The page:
It’s been close to a month, and I continue to feel like I am going nowhere, a hamster on a wheel made of pages.
Before the Flood, I was lying in a riverbed in my mind, laid flat out on my back and then on my stomach. Something maybe happened to me in this position, and I was beginning to explore it.
But then the channel changed inside, and I’ve been unable to get back to my story.
Wherever I was seems to have been washed away by the Flood.
Blanket tried to help. In late March he conducted a Period of Review where he declared us a city, Sandbox City, and tried to analyze and make sense of our many hundreds of pages. But when we approached the Flood for analysis, we turned away.
For a week or two, Monkey and I tried to merge; we became SM. I think I wanted us to become one so that E would love me just as much as she loves him. That’s the theory anyway.
A week or so after the Flood, I woke and wrote erotica to Eileen. It was shameful and desperate, but I felt that if I was going to be authentic, I needed to be so all the way. We were on a beach, alone together, naked. I was giving her everything she ever wanted, and as I do, I can feel her body, just like the sea bird in front of us, begin to take flight.
How she loves birds, and how I wanted to give her this gift.
I choose you, I tell her. With all my might. With all my words.
But she never directly acknowledges this writing, and I am left to wonder what it all means. I do not think I will ever have enough courage to ask.
Most days are not good. I question how I got from the pain of my original obsession long ago to this moment now and why I am not better or clearer — why I am, perhaps, worse.
It all began when I started hearing voices five months ago. What was curious and scary back then, these voices have now become an accepted routine, part of my day –– Parts found, Parts consolidated, and Parts that speak with ease. But it’s the pain inside, the words in my brain demanding to be put into pages, that feels as aimless as it does effortless. I ache deep down, grief and depression, but it’s not well understood. I have flickers of memory pricking at me, but nothing registers succinctly.
I begin to consider the loss of my mom to me, our non-relationship — not because it feels organic or at all remembered but because I feel that I’m supposed to — that this is the right thing to do, the logical course my therapy should take versus focusing on the illogical but insistent pain of the Flood.
Thankfully, Eileen, still seems to like reading my Sandbox. She sent me a quote the other day, which I now read over and over again, about how some people are able to become “better than better” in the wake of a personal crisis. It’s about approaching suffering in a particular way that eventually leads to spiritual and psychological transformation. I think she believes this applies to me and my Sandbox, and it gives me strength and hope to carry on with my work.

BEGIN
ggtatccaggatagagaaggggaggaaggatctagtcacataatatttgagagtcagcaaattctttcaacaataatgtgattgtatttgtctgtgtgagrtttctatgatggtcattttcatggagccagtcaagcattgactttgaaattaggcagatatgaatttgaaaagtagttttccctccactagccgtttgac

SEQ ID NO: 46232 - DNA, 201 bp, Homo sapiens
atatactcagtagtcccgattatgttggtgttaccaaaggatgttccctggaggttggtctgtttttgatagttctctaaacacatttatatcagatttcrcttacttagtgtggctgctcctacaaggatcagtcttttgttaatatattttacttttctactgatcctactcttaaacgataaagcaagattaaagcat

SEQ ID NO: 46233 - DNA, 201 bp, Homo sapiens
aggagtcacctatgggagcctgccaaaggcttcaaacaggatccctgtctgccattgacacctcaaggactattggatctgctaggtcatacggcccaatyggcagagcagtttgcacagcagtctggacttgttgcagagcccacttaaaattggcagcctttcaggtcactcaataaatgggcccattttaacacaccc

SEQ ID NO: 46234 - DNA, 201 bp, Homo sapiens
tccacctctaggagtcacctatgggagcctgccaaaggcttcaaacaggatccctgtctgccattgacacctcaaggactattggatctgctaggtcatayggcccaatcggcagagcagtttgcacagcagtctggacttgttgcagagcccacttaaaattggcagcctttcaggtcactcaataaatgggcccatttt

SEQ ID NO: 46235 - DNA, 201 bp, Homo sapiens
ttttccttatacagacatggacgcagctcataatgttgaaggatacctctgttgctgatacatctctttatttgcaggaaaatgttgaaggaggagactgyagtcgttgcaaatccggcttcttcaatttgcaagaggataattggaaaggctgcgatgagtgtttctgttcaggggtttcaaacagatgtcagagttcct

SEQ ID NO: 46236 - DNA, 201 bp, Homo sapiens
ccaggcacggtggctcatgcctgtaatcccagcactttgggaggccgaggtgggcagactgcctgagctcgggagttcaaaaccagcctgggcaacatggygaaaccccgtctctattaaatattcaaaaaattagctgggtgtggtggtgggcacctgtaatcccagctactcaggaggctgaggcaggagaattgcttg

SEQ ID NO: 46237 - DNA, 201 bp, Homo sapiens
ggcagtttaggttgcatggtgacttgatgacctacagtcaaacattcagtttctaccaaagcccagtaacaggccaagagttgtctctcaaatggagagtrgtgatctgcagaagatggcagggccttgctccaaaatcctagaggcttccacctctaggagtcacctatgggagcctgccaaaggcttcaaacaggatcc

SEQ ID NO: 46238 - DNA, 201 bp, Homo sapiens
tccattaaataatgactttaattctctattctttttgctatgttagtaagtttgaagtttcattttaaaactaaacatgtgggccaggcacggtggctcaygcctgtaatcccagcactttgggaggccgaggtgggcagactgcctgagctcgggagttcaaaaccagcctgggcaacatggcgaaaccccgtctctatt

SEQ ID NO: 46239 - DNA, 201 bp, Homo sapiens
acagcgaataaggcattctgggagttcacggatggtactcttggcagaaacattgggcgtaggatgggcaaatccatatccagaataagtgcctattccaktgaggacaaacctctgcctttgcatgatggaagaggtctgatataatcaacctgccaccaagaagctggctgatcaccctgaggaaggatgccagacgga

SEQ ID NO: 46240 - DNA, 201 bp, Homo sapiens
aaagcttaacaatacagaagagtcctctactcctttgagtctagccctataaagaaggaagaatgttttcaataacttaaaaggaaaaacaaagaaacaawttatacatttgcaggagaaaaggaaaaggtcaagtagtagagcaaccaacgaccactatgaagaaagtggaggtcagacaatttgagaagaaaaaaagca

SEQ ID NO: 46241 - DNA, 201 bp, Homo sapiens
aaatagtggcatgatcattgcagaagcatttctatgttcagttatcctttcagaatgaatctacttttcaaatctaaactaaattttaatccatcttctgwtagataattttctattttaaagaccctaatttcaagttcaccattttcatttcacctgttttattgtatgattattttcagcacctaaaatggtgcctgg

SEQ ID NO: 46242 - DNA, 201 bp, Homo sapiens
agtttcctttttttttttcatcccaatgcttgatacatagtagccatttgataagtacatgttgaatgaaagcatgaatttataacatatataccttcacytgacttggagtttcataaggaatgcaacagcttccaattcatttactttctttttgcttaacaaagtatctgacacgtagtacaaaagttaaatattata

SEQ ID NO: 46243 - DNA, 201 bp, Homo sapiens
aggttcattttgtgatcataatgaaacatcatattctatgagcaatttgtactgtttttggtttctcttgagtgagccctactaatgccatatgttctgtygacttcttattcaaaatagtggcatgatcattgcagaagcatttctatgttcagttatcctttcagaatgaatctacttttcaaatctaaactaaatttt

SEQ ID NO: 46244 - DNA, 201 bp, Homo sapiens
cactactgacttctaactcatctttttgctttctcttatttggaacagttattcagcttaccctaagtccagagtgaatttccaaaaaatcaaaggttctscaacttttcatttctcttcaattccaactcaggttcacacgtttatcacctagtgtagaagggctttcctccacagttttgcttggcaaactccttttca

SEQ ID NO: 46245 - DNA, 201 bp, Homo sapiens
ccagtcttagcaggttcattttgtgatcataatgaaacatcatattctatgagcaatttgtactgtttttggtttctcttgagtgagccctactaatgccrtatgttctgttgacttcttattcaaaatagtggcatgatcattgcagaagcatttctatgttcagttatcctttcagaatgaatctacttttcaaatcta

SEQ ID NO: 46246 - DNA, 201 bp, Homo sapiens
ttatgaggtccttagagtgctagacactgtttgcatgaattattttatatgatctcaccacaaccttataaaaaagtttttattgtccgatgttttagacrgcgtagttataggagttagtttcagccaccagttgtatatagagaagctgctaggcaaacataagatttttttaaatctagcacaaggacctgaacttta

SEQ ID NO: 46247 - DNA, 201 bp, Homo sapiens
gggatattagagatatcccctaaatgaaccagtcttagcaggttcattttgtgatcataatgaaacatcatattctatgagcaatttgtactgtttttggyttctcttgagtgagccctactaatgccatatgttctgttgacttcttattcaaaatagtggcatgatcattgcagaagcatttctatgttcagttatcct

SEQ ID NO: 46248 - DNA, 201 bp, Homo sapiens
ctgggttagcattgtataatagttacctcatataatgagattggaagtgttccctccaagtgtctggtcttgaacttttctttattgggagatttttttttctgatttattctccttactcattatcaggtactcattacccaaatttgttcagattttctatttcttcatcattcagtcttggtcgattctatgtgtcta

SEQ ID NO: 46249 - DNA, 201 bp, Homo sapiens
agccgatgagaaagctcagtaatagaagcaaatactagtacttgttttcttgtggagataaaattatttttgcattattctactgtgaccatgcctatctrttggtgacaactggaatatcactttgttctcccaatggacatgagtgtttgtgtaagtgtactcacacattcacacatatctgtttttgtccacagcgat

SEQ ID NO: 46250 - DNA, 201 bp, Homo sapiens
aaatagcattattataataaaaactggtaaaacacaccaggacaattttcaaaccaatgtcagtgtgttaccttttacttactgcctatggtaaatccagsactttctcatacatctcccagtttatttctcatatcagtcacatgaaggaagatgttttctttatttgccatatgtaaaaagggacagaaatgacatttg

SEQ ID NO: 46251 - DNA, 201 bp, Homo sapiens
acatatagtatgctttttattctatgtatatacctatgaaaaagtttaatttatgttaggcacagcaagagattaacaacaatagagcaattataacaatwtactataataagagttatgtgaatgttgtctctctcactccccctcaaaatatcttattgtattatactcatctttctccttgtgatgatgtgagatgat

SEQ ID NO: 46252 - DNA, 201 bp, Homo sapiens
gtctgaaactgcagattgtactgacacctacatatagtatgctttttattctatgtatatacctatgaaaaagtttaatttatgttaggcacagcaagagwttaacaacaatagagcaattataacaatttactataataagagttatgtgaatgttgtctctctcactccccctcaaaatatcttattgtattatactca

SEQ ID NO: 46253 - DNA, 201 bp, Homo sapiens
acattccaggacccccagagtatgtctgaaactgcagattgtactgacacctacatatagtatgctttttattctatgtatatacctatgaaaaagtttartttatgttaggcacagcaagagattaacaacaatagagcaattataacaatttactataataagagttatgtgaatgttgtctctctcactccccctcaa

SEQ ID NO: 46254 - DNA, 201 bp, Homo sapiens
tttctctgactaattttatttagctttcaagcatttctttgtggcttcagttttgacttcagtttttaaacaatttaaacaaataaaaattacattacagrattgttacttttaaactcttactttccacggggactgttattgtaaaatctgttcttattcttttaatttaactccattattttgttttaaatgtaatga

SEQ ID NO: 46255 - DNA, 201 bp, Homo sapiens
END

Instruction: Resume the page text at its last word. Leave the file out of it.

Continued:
Eileen seeks council regularly now with a specialist whom Monkey calls Dr. Dissociation. I plead each week for Eileen to not punt me to another therapist, which I feel she might do. I cry, and I beg. Please do not make us go somewhere else.
Presently I am heading to eleven hundred pages in this Sandbox with no end in sight. And just like I cannot muster the strength to volunteer at the animal shelter because I am grieving the loss of my own dog’s mobility, I cannot muster the energy to do much about this Sandbox other than to admit inside of it how incredibly sad and lost I am.
I am now trying therapy twice a week, and it is not agreeing with me. I feel like a failed science experiment where the scientist gets to go home each night, but here I sit, a petri dish, growing ugly, uncomfortable things inside me.
I finally had a few really good days with Pete and with my art. Pete and I snuggle all week long, and a restaurant wants to sell the pigs that I make out of clay. Sweet relief from what feels like nonstop depression.
But the moment I walk into therapy last night, there is no pause, no room for any of it. Eileen immediately begins to focus on my mother, on how alike she and my mother are. How they both love my writing. How Mother’s Day is approaching, and is that hard for me? Is there a portion of the Sandbox I could, perhaps, send to my mother?
I feel the grief I was able to step away from, briefly, seeping right back into my gut, and I ask Eileen to stop. Stop dunking my head in the same sad toilet bowl again and again. I try to swallow the truth that I did not have much of a relationship with my mother. And while I cannot grasp the specifics of where everything went with her, and why it hurts so badly, I am clear that I want relief from this gnawing, nonstop psychic pain.
So I tell Eileen to stop — stop playing the mother card, stop depressing me. I want to feel clear and alive and happy. Why, oh why, can’t I have just a few good days? Stop it, I say. Stop right there.
And as I speak, as these words come out of my mouth and into the room, it’s as if they serve to paint it a new color and render Eileen suddenly speechless. I have sliced off the conductor’s hands.
I have stumbled upon something — a weapon, a knife.
And I pick it up and start slicing.
You’re depressed, I say. You suffer from depression. And you want me to sit depressed with you, forever stuck and never moving forward. I tell her she could not put on a party hat if she tried and that I finally know her diagnosis, can smell it from across the room.